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Daily Macroeconomic Digest

Date
Title
Teaser
vendredi 21 septembre
Disappointing US Markit Services, soft Euro-zone composite PMI

US: Markit Manufacturing PMI (Sep P): 55.6 vs 55 expected (prior: 54.7)

  • With the new orders growth accelerating and backlogs of work rising due to weather-related disruptions, the survey data suggest underlying demand remains robust and that there's is an accumulation of work that will roll over into stronger economic growth in coming months.

 

US: Markit Services PMI (Sep P): 52.9 vs 55 expected (prior: 54.8)

  • The index declined sharply, which is the lowest level since 18 months.

 

Eurozone: PMI Manufacturing (Sep P): 53.3 vs 54.5 expected (prior: 54.6)

  • Germany: 53.7 vs 55.7 expected (prior: 55.9)
  • France: 52.5 vs 53.3 expected (prior: 53.5)
  • While the index has softened, it is still consistent with a decent pace of growth.
  • However, the ECB is unlikely to change its plan to normalize policy very gradually.

 

Eurozone: PMI Services (Sep P): 54.7 vs 54.4 expected (prior: 54.4)

  • Germany: 56.5 vs 55 expected (prior: 55)
  • France: 54.3 vs 55.3 expected (prior: 55.4)
  • The Services PMI edged up in September which suggests that slower growth and the euro's appreciation are weighting more on the euro-zone's industrial sector than services sector.

 

France: GDP (Q2 F): 0.2% q/q as expected (prior: 0.2%)

  • Imports rose by 0.7% q/q, while exports increased by 0.1% q/q. However, household consumption declined by 0.1% q/q, while government spending rose by 0.2% q/q.
jeudi 20 septembre
US Philly Fed business sentiment has rebounded, no change in SNB strategy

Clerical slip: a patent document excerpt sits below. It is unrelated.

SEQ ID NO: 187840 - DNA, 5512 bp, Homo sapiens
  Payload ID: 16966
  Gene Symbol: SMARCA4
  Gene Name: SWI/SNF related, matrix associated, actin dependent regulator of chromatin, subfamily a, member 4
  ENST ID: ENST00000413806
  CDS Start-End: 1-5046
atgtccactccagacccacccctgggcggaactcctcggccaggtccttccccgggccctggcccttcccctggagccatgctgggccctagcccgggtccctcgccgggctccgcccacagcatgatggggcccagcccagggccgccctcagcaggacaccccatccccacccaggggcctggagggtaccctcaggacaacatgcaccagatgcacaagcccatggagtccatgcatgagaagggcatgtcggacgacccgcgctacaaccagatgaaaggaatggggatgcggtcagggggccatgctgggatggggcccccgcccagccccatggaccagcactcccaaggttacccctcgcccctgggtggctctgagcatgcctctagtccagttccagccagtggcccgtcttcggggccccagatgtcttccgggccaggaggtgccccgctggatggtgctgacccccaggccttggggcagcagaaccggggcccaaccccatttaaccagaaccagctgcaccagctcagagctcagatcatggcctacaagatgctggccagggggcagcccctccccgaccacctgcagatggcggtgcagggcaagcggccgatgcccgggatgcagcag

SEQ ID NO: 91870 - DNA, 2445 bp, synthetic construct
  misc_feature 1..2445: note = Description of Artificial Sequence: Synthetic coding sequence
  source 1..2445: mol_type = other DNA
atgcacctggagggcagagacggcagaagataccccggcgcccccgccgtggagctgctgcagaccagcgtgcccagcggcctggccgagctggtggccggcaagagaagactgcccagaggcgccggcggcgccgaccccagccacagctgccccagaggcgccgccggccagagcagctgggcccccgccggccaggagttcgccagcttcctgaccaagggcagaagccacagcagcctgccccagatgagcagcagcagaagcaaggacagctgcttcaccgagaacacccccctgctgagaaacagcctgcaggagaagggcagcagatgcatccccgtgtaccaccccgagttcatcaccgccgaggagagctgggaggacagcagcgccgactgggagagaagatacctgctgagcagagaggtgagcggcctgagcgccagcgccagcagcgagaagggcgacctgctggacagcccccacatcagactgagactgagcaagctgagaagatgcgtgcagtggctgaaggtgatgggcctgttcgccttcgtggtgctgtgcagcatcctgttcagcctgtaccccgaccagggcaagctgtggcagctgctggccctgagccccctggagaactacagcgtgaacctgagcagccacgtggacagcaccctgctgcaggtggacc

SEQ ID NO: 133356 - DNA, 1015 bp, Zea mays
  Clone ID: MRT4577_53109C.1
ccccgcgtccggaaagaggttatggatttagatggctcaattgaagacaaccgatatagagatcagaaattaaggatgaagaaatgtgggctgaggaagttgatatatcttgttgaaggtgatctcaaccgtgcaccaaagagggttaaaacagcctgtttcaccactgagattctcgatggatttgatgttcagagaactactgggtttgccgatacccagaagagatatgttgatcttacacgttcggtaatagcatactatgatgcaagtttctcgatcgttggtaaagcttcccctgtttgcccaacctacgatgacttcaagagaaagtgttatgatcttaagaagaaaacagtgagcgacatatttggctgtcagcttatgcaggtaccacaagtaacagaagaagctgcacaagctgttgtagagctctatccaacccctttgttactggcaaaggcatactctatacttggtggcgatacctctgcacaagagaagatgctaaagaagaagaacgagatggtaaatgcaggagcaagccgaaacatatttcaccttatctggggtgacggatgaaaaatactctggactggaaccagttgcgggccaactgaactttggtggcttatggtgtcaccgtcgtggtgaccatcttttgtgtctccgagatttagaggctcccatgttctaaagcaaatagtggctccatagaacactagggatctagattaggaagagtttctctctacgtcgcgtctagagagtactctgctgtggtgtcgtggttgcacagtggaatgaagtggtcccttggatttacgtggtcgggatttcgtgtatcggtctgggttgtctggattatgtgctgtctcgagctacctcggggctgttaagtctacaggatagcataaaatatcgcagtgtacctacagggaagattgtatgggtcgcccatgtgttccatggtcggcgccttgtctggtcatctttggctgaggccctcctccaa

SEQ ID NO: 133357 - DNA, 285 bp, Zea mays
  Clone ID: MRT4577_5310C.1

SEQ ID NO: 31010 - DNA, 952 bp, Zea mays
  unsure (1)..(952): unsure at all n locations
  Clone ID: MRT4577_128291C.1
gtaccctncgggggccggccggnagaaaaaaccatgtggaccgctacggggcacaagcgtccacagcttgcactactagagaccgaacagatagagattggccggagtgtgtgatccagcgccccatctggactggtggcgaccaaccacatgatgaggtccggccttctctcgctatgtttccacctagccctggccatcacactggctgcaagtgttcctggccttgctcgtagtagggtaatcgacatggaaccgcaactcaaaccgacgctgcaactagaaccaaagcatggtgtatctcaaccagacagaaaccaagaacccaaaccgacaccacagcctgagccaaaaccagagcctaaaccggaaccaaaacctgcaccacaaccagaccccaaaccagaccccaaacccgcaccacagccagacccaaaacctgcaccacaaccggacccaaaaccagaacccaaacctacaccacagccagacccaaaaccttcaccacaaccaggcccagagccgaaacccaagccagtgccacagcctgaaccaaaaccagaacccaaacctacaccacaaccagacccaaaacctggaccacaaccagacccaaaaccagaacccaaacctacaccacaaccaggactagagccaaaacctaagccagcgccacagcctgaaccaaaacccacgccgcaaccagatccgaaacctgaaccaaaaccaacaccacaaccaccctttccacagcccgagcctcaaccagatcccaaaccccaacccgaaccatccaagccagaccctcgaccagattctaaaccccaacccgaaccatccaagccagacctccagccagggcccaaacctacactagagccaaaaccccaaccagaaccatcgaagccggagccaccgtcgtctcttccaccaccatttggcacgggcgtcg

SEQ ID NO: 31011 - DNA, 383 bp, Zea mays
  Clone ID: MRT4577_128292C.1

US: Philadelphia Fed. (Sep): 22.9 vs 18 expected (prior: 11.9)

  • The index has rebounded from the prior month and breakdown is encouraging.
  • New orders index increased to 21.4 from 9.9. Shipments index rose to 19.6 from 16.6.

 

US: Initial jobless claims (Sep 15): 201k vs 210k expected (prior: 204k)

  • Continuing claims: 1645k vs 1705k expected (prior: 1696k)
  • Initial jobless claims fell for the third consecutive week. This is the lowest level recorded since November 1969 and marks a new recovery-level low.

 

US: Existing home sales (Aug): 5.34M vs 5.37M expected (prior: 5.34M)

  • On a m/m basis: 0% vs 0.5% expected (prior: -0.7%)
  • Sales of condos and single family were unchanged.
  • Median and average prices have slightly eased from past month, but they are still in a 3%-4.6% y/y range.

 

Switzerland: SNB: no change in current monetary policy

  • SNB has maintained its strategy in place (key rates at -0.75%; intervention in FX).
  • Inflation forecast has been revised down (0.8% y/y from 0.9% in 2019; 1.2% y/y from 1.6% in 2020). The SNB will remain active in the foreign exchange market as necessary, while taking the overall currency situation into consideration.
  • The SNB raised its 2018 GDP forecast to between 2.5% and 3%, compared with around 2% in June.

 

UK: Retail sales (Aug): 0.3% m/m vs -0.2% expected (prior: 0.9% revised from 0.7%)

  • On a y/y basis: 3.3% vs 2.3% expected (prior: 3.8% revised from 3.5%)